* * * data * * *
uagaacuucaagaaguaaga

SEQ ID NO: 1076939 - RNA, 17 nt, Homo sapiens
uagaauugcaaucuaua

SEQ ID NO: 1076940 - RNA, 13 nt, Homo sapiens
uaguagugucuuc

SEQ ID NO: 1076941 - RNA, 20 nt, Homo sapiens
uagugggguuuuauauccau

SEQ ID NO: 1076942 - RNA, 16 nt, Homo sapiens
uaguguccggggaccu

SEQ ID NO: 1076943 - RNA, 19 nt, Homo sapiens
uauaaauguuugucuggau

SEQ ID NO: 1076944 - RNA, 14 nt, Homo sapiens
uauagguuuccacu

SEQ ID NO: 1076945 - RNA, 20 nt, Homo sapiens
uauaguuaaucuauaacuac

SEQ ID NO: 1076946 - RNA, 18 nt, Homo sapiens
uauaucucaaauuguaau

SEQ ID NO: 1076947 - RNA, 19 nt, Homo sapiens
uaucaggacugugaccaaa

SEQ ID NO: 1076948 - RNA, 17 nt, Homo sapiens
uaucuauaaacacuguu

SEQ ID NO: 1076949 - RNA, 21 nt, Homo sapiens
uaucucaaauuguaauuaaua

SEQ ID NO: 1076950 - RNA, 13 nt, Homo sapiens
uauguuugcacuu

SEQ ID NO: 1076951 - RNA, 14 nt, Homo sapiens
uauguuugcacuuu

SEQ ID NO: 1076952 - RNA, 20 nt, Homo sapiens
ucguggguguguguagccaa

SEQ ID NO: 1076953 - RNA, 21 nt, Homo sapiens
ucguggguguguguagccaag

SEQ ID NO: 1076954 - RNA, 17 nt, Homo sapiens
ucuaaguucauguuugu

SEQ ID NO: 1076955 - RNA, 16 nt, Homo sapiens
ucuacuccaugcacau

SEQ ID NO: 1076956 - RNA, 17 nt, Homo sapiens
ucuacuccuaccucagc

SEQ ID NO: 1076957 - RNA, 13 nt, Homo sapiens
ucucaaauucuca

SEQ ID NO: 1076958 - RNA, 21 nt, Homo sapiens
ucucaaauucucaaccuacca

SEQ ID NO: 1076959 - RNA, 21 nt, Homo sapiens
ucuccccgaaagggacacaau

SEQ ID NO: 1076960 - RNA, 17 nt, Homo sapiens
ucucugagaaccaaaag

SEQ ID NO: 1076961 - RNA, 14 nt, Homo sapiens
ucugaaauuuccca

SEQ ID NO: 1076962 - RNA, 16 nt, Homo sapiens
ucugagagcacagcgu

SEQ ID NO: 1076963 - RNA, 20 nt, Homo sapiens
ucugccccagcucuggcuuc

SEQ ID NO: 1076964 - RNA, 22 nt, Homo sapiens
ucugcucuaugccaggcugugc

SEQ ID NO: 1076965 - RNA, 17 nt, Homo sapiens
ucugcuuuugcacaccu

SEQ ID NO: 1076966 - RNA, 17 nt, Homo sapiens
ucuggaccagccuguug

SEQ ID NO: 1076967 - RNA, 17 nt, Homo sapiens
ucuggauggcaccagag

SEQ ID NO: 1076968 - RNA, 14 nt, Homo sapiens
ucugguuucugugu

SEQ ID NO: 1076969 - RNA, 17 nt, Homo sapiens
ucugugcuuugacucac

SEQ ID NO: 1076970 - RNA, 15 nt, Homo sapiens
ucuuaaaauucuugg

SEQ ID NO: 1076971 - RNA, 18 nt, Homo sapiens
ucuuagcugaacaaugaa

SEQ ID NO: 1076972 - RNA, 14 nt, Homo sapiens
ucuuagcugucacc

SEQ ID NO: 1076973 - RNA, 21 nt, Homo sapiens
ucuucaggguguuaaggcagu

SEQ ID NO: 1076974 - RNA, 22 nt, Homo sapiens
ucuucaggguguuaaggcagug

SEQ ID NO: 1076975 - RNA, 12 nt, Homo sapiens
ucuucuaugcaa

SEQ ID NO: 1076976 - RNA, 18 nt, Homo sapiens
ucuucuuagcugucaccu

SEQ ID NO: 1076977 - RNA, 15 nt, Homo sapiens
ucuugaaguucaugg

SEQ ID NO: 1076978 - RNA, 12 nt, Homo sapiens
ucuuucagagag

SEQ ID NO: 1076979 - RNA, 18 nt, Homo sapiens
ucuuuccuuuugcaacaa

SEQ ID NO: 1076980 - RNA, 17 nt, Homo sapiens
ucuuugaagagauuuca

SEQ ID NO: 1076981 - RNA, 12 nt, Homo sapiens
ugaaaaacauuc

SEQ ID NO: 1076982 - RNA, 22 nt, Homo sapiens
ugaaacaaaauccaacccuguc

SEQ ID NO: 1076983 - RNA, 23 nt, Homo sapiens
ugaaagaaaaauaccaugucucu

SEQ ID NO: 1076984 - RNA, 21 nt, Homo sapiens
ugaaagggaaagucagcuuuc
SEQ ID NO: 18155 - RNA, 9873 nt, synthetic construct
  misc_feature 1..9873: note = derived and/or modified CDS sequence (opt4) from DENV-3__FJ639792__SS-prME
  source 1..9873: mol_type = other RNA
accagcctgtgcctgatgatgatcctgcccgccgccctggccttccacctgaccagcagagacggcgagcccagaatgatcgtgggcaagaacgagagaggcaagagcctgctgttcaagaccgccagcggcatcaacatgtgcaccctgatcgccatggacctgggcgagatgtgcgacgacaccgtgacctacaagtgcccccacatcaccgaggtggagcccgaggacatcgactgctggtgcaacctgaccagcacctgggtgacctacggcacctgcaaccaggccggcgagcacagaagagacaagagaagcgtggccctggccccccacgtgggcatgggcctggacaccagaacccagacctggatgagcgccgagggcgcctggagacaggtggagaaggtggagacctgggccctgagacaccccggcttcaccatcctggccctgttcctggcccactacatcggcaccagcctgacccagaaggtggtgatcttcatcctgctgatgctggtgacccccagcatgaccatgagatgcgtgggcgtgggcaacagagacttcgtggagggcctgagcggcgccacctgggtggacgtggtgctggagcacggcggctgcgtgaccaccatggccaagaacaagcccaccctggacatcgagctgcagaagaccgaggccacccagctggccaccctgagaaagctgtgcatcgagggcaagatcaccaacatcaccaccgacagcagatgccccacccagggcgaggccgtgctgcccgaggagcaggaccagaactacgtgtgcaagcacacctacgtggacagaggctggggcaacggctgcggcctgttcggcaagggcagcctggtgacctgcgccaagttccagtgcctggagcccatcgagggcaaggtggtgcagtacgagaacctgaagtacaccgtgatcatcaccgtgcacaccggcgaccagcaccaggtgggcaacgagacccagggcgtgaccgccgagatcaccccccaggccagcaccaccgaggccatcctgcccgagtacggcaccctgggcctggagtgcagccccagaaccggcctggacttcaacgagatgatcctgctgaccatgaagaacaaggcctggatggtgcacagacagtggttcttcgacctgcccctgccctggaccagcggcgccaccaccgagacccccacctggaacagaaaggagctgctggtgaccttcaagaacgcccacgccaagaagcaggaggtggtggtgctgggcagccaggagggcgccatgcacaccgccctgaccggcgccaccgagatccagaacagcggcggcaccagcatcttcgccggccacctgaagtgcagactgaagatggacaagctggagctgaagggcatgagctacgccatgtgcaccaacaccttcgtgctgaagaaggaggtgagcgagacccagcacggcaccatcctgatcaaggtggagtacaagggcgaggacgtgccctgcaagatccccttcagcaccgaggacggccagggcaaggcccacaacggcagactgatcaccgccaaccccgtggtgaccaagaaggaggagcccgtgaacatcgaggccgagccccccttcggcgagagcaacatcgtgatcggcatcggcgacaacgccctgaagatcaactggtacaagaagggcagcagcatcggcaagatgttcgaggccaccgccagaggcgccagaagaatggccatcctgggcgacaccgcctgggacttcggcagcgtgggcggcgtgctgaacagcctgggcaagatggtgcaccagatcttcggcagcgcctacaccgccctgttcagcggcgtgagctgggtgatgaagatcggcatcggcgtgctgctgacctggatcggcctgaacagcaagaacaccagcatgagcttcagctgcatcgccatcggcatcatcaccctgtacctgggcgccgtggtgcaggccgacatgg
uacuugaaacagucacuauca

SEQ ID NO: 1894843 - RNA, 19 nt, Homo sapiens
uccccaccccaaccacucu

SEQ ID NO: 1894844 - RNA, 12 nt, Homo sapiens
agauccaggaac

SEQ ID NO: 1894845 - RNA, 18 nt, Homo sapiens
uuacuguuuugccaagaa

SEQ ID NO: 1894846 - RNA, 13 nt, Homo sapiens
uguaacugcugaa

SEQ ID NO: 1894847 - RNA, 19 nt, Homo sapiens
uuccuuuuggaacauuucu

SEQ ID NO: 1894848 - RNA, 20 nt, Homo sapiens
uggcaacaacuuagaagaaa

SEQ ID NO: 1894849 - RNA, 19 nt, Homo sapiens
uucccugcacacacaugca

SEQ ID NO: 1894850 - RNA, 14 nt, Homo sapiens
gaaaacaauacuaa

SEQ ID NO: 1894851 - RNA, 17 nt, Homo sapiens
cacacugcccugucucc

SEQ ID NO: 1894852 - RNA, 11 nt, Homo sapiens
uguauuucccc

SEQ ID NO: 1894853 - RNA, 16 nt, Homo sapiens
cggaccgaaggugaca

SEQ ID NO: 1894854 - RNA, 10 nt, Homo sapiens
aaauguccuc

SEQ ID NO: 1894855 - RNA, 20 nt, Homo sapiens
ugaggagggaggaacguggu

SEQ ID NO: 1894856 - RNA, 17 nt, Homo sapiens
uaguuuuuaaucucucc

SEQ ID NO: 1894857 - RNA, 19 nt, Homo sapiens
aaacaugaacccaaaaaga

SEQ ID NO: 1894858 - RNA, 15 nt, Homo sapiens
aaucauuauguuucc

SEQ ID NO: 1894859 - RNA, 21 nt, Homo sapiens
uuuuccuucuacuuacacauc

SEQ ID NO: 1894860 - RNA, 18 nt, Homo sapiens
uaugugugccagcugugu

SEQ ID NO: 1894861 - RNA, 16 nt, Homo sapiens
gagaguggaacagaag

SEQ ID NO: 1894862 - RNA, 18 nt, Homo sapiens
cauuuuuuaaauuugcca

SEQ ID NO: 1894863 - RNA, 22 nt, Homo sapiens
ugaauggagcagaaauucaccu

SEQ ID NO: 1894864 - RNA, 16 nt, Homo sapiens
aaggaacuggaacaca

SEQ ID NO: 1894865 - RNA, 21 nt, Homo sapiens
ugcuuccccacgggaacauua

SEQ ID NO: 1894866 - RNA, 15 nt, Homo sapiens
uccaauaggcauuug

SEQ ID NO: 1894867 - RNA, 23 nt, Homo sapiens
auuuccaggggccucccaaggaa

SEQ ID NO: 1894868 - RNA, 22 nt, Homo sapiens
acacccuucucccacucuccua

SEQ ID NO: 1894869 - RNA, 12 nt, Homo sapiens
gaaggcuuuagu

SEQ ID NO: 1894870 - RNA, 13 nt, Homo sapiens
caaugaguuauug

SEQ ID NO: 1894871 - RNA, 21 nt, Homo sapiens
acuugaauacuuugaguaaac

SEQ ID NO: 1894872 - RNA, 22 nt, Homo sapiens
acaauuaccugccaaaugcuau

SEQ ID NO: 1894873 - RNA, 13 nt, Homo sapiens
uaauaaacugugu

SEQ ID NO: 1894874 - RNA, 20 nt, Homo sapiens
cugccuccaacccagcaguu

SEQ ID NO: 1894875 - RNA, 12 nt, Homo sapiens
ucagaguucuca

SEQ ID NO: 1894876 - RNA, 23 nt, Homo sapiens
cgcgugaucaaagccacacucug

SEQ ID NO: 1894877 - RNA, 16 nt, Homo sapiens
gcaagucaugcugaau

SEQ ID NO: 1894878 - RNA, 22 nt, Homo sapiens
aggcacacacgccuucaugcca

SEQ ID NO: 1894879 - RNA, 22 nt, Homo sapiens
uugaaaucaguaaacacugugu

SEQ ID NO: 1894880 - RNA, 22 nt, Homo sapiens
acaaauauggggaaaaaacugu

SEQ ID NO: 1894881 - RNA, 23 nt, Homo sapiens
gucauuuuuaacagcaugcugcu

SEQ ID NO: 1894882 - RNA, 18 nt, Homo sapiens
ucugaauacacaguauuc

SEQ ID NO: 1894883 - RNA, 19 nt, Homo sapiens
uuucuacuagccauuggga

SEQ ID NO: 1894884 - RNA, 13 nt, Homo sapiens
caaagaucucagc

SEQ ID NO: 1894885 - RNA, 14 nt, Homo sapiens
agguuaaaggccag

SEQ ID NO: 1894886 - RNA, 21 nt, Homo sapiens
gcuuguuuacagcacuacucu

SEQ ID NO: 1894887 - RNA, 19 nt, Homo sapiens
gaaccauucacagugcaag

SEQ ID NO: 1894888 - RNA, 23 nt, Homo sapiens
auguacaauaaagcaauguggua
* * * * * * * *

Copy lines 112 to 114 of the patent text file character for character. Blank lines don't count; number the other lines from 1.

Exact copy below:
uucccugcacacacaugca

SEQ ID NO: 1894850 - RNA, 14 nt, Homo sapiens
gaaaacaauacuaa